UK committee warns of import impact on CO2

2012-04-18 16:17

London - Britain should consider the effect of imports on greenhouse gas emissions when deciding climate policy and explore setting national consumption-based climate targets, a UK Parliament committee said on Wednesday.

The UK government currently calculates the growth or decline in carbon dioxide (CO2) emissions based on territorial emissions from, for example, UK power stations and transport.

Data from the UK's Department of Energy and Climate Change (DECC) shows territorial CO2 emissions fell by around 20 percent between 1990 and 2009.

However, research by another government division, the Department for the Environment, Food and Rural Affairs, shows that CO2 emissions were 20% higher over the same period when emissions from imported goods are included.

"There is a clear divergence between the UK's territorial emissions and its consumption-based emissions," said the report by the UK's Energy and Climate Change Committee.

"The rate at which the UK's consumption-based emissions have increased have far offset any emissions savings from the decrease in territorial emissions. This means that the UK is contributing to a net increase in global emissions."

The fall in territorial emissions was not due to the government's climate policy, the report added.

Instead, it resulted from a switch from coal to gas-fired electricity which started in the early 1990s and the move of manufacturing industries away from the UK.

However, the shift of manufacturing industries abroad has also contributed to a rise in consumption emissions as the UK imported goods it previously manufactured domestically, the report said.

Climate change policy

CO2 emissions from imports almost doubled to 331 million tonnes in 2009 - accounting for just under half of the UK's total carbon footprint - from 166 million tonnes in 1990.

The committee urged the government to consider options for including import emissions data in its climate policy and setting consumption-based emissions targets at a national level.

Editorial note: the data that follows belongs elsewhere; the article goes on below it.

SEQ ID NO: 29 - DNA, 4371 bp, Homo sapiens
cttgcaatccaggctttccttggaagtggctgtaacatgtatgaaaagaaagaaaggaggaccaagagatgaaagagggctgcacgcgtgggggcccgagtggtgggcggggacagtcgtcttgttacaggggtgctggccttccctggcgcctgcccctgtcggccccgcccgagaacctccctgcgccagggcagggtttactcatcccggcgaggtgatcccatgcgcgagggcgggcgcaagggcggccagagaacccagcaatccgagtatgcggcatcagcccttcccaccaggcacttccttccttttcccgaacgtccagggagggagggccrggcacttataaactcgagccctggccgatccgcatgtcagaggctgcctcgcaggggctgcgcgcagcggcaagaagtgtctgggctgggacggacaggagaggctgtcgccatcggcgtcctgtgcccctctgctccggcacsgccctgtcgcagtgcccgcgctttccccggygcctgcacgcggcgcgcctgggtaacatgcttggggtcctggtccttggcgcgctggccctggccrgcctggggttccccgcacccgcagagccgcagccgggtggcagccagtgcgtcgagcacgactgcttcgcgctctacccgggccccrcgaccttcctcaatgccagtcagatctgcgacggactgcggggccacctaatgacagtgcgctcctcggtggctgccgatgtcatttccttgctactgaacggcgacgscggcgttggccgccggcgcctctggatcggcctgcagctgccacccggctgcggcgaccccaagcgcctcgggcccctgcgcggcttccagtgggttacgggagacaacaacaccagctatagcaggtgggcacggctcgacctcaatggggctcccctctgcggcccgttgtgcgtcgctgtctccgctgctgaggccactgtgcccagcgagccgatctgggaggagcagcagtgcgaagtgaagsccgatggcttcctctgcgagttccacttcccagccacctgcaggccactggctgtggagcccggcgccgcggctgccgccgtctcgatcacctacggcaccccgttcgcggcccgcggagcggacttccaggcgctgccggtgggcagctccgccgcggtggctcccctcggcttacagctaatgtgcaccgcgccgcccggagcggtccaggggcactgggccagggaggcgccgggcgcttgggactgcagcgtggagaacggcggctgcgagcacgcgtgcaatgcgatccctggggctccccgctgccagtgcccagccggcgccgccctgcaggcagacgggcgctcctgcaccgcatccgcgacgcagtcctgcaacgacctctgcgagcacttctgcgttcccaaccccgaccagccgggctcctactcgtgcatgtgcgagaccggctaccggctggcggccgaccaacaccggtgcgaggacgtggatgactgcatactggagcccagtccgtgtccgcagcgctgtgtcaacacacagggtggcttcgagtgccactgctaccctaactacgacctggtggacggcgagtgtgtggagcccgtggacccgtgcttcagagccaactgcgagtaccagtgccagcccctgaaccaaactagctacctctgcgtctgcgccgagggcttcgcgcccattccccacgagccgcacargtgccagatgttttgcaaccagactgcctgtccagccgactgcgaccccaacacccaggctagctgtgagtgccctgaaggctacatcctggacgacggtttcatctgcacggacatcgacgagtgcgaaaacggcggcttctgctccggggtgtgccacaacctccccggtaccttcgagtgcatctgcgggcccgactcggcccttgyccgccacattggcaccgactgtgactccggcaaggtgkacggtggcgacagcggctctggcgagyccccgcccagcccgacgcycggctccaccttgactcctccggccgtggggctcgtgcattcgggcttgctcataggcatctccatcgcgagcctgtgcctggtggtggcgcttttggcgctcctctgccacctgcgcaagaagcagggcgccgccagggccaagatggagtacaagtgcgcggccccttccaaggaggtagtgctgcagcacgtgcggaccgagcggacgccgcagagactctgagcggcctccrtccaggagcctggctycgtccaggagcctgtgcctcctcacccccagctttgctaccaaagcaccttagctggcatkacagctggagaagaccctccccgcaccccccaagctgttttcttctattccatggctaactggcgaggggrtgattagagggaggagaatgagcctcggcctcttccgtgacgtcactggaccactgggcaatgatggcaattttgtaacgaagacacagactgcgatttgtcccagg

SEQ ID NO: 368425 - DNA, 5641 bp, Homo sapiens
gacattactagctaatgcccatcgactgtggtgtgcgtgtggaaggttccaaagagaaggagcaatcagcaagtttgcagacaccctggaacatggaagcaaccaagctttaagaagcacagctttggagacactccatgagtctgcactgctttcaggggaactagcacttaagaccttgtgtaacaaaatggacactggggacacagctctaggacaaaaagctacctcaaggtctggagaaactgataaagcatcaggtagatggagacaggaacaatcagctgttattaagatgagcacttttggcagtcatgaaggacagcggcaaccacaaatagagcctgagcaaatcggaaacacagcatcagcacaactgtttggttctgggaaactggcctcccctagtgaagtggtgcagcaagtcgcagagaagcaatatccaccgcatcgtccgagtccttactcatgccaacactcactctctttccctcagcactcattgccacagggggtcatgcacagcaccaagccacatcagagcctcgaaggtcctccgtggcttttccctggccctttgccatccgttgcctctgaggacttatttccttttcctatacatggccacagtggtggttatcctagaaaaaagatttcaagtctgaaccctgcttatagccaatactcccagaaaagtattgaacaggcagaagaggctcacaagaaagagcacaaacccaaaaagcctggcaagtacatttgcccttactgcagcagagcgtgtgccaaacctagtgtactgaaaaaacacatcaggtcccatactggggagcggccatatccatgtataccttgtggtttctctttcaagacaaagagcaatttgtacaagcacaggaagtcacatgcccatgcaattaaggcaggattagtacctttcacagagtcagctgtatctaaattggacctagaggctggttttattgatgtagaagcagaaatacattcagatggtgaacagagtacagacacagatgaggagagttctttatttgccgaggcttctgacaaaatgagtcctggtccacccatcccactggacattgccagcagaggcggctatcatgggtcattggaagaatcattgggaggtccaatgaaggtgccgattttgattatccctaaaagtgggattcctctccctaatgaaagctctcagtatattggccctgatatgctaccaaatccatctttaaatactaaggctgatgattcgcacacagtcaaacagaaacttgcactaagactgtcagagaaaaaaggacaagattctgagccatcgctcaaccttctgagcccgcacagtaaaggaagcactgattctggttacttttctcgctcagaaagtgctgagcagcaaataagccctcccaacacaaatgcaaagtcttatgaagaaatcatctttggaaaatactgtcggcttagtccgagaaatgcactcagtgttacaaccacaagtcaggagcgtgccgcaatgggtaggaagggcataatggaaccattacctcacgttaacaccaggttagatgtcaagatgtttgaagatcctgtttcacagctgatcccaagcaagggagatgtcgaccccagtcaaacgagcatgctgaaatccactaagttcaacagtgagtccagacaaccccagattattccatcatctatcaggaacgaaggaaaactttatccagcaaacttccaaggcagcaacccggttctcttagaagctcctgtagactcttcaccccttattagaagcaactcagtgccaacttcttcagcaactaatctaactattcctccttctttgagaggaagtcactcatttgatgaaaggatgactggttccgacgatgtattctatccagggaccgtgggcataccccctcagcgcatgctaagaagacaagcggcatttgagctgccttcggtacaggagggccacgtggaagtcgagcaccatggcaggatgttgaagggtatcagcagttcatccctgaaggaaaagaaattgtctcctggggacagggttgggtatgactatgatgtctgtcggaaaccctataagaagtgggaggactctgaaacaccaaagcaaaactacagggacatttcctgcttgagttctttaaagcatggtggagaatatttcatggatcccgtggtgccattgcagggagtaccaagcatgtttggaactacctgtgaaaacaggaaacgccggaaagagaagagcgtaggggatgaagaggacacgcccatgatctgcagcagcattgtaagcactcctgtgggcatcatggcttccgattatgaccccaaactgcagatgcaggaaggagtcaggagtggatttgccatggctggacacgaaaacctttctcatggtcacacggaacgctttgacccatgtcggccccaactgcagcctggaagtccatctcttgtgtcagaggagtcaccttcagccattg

"The government should commission the Committee on Climate Change [government advisors] to examine how the UK could incorporate consumption emissions accounting into our climate change policy," said Tim Yeo, chairman of the energy and climate change committee.

In response, DECC said it accounts for its emissions according to international rules which are followed by all countries which are signed up to the global emissions-cutting pact, the Kyoto Protocol.

"While embedded emissions can provide useful insights into how to decarbonise, such figures are difficult to calculate accurately, uncertain and not easily verified," a DECC spokesperson told Reuters.

"It would therefore be difficult to negotiate a global emission reduction treaty on this basis, and an attempt could delay for decades an effective solution to the problem of climate change," he added.

  • Colin - 2012-04-19 00:52

    Plaiting fog is as of nothing compared to politicians trying to set carbon targets and intermingle it with the blame-game. The solution is dead easy - all that is needed is an emission-free, inherently safe, affordable energy technology with a fuel source that will last until the end of time (say the 5 billion years the Sun has left). And of course, there's only one! - breeder reactors, which can start their march of global deployment by the 2020s, at an accelerating rate into the 2030s. Prognostications by renewables enthusiasts will be silenced as they watch energy from renewables get relegated to a low single-figure % of total energy produced, which is where it needs to be for the ever decreasing numbers of non-urban dwellers. Google LFTRs and get the latest on breeders in the UK.

      Ernst - 2012-04-19 12:13

      @Colin: And what about Fusion? In case you are interested, see:

      Ernst - 2012-04-19 12:13

      @Colin: And what about Fusion? In case you are interested, see:

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